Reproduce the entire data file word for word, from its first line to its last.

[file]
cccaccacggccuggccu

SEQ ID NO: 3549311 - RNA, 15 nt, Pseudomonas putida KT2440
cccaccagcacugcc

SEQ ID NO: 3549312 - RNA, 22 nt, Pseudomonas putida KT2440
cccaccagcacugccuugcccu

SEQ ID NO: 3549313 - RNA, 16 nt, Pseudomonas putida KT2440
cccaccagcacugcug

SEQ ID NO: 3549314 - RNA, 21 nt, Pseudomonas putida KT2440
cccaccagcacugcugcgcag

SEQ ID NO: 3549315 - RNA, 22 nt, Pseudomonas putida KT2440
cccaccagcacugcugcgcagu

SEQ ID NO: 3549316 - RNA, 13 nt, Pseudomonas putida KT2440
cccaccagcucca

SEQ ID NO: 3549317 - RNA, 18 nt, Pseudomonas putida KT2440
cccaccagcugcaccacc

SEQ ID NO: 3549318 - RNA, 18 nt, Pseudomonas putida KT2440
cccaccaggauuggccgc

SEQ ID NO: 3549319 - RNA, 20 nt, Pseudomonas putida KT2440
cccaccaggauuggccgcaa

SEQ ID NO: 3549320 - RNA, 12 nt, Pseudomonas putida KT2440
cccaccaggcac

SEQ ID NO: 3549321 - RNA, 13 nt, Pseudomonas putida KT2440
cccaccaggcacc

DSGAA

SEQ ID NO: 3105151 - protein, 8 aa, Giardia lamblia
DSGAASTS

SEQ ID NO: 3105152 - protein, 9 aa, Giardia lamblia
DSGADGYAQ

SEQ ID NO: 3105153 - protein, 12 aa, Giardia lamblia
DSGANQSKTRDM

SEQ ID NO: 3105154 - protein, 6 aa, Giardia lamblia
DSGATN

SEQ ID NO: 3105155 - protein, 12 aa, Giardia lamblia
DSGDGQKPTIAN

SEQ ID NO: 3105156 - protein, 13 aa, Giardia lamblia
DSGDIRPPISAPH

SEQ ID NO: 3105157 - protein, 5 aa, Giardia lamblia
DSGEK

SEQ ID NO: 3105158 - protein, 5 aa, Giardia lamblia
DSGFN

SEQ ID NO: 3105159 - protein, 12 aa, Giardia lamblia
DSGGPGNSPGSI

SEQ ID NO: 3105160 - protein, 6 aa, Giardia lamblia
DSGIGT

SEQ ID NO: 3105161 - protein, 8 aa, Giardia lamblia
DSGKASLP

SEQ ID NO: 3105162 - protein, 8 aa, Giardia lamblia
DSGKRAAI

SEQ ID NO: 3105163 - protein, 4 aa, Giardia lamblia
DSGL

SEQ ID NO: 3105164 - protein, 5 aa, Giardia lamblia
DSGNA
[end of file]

cccaccacggccuggccu

SEQ ID NO: 3549311 - RNA, 15 nt, Pseudomonas putida KT2440
cccaccagcacugcc

SEQ ID NO: 3549312 - RNA, 22 nt, Pseudomonas putida KT2440
cccaccagcacugccuugcccu

SEQ ID NO: 3549313 - RNA, 16 nt, Pseudomonas putida KT2440
cccaccagcacugcug

SEQ ID NO: 3549314 - RNA, 21 nt, Pseudomonas putida KT2440
cccaccagcacugcugcgcag

SEQ ID NO: 3549315 - RNA, 22 nt, Pseudomonas putida KT2440
cccaccagcacugcugcgcagu

SEQ ID NO: 3549316 - RNA, 13 nt, Pseudomonas putida KT2440
cccaccagcucca

SEQ ID NO: 3549317 - RNA, 18 nt, Pseudomonas putida KT2440
cccaccagcugcaccacc

SEQ ID NO: 3549318 - RNA, 18 nt, Pseudomonas putida KT2440
cccaccaggauuggccgc

SEQ ID NO: 3549319 - RNA, 20 nt, Pseudomonas putida KT2440
cccaccaggauuggccgcaa

SEQ ID NO: 3549320 - RNA, 12 nt, Pseudomonas putida KT2440
cccaccaggcac

SEQ ID NO: 3549321 - RNA, 13 nt, Pseudomonas putida KT2440
cccaccaggcacc

DSGAA

SEQ ID NO: 3105151 - protein, 8 aa, Giardia lamblia
DSGAASTS

SEQ ID NO: 3105152 - protein, 9 aa, Giardia lamblia
DSGADGYAQ

SEQ ID NO: 3105153 - protein, 12 aa, Giardia lamblia
DSGANQSKTRDM

SEQ ID NO: 3105154 - protein, 6 aa, Giardia lamblia
DSGATN

SEQ ID NO: 3105155 - protein, 12 aa, Giardia lamblia
DSGDGQKPTIAN

SEQ ID NO: 3105156 - protein, 13 aa, Giardia lamblia
DSGDIRPPISAPH

SEQ ID NO: 3105157 - protein, 5 aa, Giardia lamblia
DSGEK

SEQ ID NO: 3105158 - protein, 5 aa, Giardia lamblia
DSGFN

SEQ ID NO: 3105159 - protein, 12 aa, Giardia lamblia
DSGGPGNSPGSI

SEQ ID NO: 3105160 - protein, 6 aa, Giardia lamblia
DSGIGT

SEQ ID NO: 3105161 - protein, 8 aa, Giardia lamblia
DSGKASLP

SEQ ID NO: 3105162 - protein, 8 aa, Giardia lamblia
DSGKRAAI

SEQ ID NO: 3105163 - protein, 4 aa, Giardia lamblia
DSGL

SEQ ID NO: 3105164 - protein, 5 aa, Giardia lamblia
DSGNA